Tuesday, January 18, 2005

Eight captured, two killed.

After catching mouse number eight in the live traps, the mice learned a new trick: how to steal from the traps. In all our use this year and last, no mouse had ever stolen the bait from a live trap! I'd bait them, and sometimes they were tripped accidentally, but they always had either bait or a mouse in them. I thought it was a fluke at first, but I kept finding unbaited traps.

Last night I saw two mice hiding in the stove, and I'd had enough pussyfooting around with the live traps. I went to the hardware store for some old fashioned neck breakers. The death traps we used last year were left outside and rusted. Now they're lost under the snow.

Standing in the aisle at the hardware store, I marveled at the dazzling array of mouse control devices. The more you paid, the more humanity you got. You could buy a trap that electrocutes the mice. You could buy something that makes a high pitched sound to drive the mice away. These were the most expensive. The cheapest traps were the ones I came for: blunt force trauma, intended to kill without being guaranteed. A step up from those were killer traps that were covered so you didn't have to see or deal with the maimed mouse directly.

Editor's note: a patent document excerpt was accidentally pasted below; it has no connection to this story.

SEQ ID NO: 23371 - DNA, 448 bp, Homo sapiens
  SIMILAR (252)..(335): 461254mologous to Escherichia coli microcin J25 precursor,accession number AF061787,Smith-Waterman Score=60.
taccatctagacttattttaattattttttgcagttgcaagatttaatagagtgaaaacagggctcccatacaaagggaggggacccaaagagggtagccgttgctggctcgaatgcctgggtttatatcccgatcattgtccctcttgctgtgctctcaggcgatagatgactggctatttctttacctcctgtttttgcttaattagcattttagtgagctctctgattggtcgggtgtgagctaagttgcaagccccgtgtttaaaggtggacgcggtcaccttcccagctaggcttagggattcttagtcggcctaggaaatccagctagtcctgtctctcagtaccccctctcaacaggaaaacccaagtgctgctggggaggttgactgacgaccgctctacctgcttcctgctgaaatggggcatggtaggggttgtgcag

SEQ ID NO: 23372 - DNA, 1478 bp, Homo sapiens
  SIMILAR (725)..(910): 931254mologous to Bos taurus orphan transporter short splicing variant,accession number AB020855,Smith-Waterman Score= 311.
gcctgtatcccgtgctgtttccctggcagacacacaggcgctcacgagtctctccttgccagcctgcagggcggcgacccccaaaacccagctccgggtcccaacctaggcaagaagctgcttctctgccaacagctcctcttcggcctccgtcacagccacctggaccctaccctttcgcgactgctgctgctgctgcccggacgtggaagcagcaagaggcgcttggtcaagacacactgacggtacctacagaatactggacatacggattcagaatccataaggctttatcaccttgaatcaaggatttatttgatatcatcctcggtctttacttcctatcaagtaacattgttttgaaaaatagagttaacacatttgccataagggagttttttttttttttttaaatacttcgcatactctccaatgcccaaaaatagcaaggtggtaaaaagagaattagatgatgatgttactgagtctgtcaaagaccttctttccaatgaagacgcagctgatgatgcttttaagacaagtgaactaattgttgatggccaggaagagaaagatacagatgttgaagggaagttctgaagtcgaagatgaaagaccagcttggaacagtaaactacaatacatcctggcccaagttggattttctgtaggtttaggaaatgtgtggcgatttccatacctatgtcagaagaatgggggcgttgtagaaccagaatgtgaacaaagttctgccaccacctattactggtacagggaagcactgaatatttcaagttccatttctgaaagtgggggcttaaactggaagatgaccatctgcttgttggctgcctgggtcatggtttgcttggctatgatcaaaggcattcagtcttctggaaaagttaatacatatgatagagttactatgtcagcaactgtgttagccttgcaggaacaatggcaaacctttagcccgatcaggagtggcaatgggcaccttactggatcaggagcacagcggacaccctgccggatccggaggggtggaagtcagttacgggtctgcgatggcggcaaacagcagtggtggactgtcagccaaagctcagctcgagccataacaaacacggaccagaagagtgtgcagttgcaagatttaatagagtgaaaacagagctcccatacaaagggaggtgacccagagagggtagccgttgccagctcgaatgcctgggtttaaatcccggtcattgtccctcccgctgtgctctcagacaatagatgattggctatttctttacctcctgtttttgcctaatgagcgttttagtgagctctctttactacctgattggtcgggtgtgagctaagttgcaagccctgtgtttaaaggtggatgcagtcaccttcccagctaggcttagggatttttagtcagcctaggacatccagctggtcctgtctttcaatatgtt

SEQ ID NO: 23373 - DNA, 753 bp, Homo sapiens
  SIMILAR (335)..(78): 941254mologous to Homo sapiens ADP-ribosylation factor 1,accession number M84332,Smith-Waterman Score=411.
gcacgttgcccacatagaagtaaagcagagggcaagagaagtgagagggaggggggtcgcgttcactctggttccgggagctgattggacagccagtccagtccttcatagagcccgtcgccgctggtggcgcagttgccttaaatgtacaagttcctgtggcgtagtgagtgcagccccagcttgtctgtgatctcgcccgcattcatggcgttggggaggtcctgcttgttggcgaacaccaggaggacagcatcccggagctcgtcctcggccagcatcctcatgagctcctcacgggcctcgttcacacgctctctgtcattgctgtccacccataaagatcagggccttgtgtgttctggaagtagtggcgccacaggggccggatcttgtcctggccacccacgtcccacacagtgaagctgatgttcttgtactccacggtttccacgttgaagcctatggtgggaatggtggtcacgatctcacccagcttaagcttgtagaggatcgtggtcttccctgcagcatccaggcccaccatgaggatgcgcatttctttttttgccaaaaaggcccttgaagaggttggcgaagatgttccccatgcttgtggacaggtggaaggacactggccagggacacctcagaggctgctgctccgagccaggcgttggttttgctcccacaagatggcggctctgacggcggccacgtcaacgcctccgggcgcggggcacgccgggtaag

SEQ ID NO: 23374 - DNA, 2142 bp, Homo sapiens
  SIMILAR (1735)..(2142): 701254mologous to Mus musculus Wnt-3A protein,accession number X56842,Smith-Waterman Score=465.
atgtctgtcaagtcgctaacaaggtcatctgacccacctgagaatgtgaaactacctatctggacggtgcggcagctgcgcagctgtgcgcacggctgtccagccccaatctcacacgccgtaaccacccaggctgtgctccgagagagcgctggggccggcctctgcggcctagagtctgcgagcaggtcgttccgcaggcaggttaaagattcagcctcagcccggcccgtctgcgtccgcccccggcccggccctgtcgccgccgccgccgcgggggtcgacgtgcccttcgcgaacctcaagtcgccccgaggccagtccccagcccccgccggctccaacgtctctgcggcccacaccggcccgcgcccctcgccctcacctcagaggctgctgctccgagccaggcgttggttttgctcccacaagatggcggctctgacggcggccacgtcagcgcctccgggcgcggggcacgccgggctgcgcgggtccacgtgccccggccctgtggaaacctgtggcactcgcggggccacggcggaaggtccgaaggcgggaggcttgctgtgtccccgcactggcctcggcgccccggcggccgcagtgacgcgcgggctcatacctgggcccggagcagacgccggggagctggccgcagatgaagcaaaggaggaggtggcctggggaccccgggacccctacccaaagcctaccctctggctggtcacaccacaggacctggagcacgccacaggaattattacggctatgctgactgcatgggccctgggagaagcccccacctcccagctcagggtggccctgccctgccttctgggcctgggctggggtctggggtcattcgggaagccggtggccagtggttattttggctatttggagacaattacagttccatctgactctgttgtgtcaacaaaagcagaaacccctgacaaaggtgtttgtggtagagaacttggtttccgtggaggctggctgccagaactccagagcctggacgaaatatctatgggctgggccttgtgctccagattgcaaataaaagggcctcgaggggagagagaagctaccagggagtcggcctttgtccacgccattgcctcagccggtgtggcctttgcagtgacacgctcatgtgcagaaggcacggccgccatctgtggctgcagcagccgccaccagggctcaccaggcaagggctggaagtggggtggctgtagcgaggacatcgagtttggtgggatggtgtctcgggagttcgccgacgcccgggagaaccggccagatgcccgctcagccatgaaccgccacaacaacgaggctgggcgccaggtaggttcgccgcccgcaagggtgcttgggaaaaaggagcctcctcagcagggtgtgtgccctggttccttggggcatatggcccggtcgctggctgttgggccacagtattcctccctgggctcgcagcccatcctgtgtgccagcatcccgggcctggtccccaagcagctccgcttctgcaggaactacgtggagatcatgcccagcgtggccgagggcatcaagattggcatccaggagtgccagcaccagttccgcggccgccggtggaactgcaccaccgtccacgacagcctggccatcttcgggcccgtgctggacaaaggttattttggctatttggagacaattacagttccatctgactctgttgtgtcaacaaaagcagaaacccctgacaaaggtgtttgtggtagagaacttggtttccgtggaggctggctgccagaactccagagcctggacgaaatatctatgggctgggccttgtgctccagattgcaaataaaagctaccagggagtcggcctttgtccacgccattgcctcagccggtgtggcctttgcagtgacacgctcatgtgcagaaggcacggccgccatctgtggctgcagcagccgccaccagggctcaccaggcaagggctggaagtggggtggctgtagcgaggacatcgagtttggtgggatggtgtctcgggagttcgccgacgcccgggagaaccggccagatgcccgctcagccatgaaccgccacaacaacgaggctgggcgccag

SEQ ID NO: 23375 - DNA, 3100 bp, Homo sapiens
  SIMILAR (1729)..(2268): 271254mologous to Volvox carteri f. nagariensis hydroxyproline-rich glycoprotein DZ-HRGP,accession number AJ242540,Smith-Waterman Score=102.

As I gawked at the assembled counter-mouse techniques, a cat walked past. The hardware store had a cat, and it was on patrol near the weapons of mouse destruction. It was surreal.

I set the death traps in a couple of strategic places in the kitchen. In a couple of days we had two dead mice. I can't tell if they were the same two mice I'd seen marauding about. I wondered whether they worked together to steal from the humane live traps, and I considered the neck breakers a lesson: smart mice will be dealt with harshly. Think of it as evolution in action; in this house, we select against the mice who can figure out how to avoid being safely relocated.
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